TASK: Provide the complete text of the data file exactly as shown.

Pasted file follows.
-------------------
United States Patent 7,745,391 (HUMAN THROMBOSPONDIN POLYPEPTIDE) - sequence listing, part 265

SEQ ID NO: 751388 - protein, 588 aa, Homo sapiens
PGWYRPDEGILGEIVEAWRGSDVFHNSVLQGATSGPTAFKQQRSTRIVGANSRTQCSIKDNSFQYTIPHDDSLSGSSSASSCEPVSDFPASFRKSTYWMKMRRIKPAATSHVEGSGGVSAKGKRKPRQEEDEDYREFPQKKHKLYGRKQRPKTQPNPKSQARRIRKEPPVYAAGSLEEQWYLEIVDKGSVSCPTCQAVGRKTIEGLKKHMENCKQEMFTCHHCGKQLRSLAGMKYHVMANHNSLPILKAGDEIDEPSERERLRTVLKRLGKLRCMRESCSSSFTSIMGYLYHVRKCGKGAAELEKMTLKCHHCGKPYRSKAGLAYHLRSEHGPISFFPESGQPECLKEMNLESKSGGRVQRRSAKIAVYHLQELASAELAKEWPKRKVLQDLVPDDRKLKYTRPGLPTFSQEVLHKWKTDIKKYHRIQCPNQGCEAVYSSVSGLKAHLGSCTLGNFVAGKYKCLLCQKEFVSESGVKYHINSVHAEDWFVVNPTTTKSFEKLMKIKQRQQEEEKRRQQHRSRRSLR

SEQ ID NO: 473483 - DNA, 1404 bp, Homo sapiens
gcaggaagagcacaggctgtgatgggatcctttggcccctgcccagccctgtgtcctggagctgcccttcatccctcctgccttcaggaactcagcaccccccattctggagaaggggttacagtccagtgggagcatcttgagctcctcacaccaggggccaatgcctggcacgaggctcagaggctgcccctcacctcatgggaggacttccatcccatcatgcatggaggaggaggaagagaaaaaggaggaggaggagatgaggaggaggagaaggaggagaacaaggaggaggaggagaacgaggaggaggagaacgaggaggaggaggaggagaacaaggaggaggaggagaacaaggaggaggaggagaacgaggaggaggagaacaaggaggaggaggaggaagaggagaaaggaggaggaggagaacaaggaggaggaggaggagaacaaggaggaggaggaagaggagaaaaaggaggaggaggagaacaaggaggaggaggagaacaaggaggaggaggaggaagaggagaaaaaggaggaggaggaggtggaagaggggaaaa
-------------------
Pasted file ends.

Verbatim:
United States Patent 7,745,391 (HUMAN THROMBOSPONDIN POLYPEPTIDE) - sequence listing, part 265

SEQ ID NO: 751388 - protein, 588 aa, Homo sapiens
PGWYRPDEGILGEIVEAWRGSDVFHNSVLQGATSGPTAFKQQRSTRIVGANSRTQCSIKDNSFQYTIPHDDSLSGSSSASSCEPVSDFPASFRKSTYWMKMRRIKPAATSHVEGSGGVSAKGKRKPRQEEDEDYREFPQKKHKLYGRKQRPKTQPNPKSQARRIRKEPPVYAAGSLEEQWYLEIVDKGSVSCPTCQAVGRKTIEGLKKHMENCKQEMFTCHHCGKQLRSLAGMKYHVMANHNSLPILKAGDEIDEPSERERLRTVLKRLGKLRCMRESCSSSFTSIMGYLYHVRKCGKGAAELEKMTLKCHHCGKPYRSKAGLAYHLRSEHGPISFFPESGQPECLKEMNLESKSGGRVQRRSAKIAVYHLQELASAELAKEWPKRKVLQDLVPDDRKLKYTRPGLPTFSQEVLHKWKTDIKKYHRIQCPNQGCEAVYSSVSGLKAHLGSCTLGNFVAGKYKCLLCQKEFVSESGVKYHINSVHAEDWFVVNPTTTKSFEKLMKIKQRQQEEEKRRQQHRSRRSLR

SEQ ID NO: 473483 - DNA, 1404 bp, Homo sapiens
gcaggaagagcacaggctgtgatgggatcctttggcccctgcccagccctgtgtcctggagctgcccttcatccctcctgccttcaggaactcagcaccccccattctggagaaggggttacagtccagtgggagcatcttgagctcctcacaccaggggccaatgcctggcacgaggctcagaggctgcccctcacctcatgggaggacttccatcccatcatgcatggaggaggaggaagagaaaaaggaggaggaggagatgaggaggaggagaaggaggagaacaaggaggaggaggagaacgaggaggaggagaacgaggaggaggaggaggagaacaaggaggaggaggagaacaaggaggaggaggagaacgaggaggaggagaacaaggaggaggaggaggaagaggagaaaggaggaggaggagaacaaggaggaggaggaggagaacaaggaggaggaggaagaggagaaaaaggaggaggaggagaacaaggaggaggaggagaacaaggaggaggaggaggaagaggagaaaaaggaggaggaggaggtggaagaggggaaaa